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Mystery Benefactor’s boost for Museum

Posted on Thursday, 30 September 2010 04:49AM by Judy and the Peak District Online Team
THE future of the Hugh Miller Museum and Birthplace Cottage in Cromarty has been secured, thanks to an anonymous donation of £600,000.


It means the National Trust for Scotland (NTS) can now employ a property manager for the visitor attraction, extend its opening hours, which were cut last year, and look to future development.

The attraction comprises two buildings - Miller House and the 17th Century thatched cottage where the acclaimed geologist, writer, folk historian and evangelical church reformer was born.

Steve Callaghan, NTS group manager for the north, explained the donor, who wishes to remain anonymous, was someone who held the Hugh Miller Museum and Birthplace Cottage in "very high regard".

"This huge donation was made with the condition that it is completely ring-fenced to safeguard the future of the Hugh Miller Museum going forward," he said. "This money goes straight into the endowment fund and the property will live off the interest."

At the beginning of last year the cash-strapped trust announced a review of its properties and workforce, which led to the operations in Cromarty being scaled back.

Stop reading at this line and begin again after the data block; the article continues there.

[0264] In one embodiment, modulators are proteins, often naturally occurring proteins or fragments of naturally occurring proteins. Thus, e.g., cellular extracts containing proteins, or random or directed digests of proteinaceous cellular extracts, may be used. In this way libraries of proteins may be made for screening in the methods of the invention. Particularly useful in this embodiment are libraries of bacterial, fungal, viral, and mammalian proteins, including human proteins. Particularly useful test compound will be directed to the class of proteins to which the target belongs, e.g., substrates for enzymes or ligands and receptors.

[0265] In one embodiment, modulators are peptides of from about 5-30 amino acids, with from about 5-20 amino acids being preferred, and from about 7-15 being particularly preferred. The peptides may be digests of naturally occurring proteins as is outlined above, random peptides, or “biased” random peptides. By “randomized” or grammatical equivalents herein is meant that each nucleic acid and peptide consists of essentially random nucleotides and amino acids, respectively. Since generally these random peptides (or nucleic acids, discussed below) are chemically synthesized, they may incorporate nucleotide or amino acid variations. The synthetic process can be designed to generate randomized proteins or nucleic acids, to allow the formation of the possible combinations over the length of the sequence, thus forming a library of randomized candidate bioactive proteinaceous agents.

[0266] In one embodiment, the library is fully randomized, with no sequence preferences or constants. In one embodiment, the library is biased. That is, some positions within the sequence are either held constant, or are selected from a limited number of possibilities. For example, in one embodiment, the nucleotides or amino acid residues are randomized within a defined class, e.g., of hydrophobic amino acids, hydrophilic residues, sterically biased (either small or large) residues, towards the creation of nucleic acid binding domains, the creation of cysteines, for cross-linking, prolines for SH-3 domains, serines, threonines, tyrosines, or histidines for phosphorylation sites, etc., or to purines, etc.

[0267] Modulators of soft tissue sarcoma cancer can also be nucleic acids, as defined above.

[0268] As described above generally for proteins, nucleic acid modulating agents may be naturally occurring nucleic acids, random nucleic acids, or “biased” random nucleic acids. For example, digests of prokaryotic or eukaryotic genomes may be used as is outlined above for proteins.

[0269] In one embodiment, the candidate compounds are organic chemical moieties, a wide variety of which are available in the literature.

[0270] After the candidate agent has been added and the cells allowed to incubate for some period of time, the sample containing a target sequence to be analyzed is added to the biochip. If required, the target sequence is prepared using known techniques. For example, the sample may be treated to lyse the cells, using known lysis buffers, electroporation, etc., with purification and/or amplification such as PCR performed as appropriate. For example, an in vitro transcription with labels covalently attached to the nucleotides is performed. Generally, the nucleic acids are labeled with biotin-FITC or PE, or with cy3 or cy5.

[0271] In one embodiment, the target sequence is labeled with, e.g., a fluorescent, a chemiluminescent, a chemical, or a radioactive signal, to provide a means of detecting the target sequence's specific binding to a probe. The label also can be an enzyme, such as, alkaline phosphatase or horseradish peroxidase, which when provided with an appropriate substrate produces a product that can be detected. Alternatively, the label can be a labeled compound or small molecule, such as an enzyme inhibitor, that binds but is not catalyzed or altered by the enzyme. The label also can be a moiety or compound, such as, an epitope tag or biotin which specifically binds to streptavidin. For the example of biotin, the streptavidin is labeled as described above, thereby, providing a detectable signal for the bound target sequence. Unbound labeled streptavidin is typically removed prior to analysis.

Property manager Martin Gostwick was made redundant and its opening hours were cut to four half-days.

It was only able to remain open thanks to a band of volunteers, including a direct descendent of Hugh Miller, aided by part-time senior visitor assistant Zooulla Spirou.

"It wasn't the ideal situation at all," Mr Callaghan continued. "What this allows us to do now is look forward with confidence. The Hugh Miller Museum and Cottage has a sustainable, positive balance sheet going forward."

The NTS is now seeking to appoint a new property manager. In particular, it is looking for someone with museum experience, and experience in looking after collections.

The attraction is open from April to September and will re-open seven days a week from next year.

Cromarty historian and local councillor David Alston described it as fantastic news for Cromarty.

"It will secure the future of the national trust properties in Cromarty, both the cottage and Miller's House next door," he said.

"It means it can be properly staffed, the restriction on opening hours will hopefully be removed, and it also means it will be able to keep Hugh Miller's geological collection, on loan from the Museum of Scotland."

Inverness Courier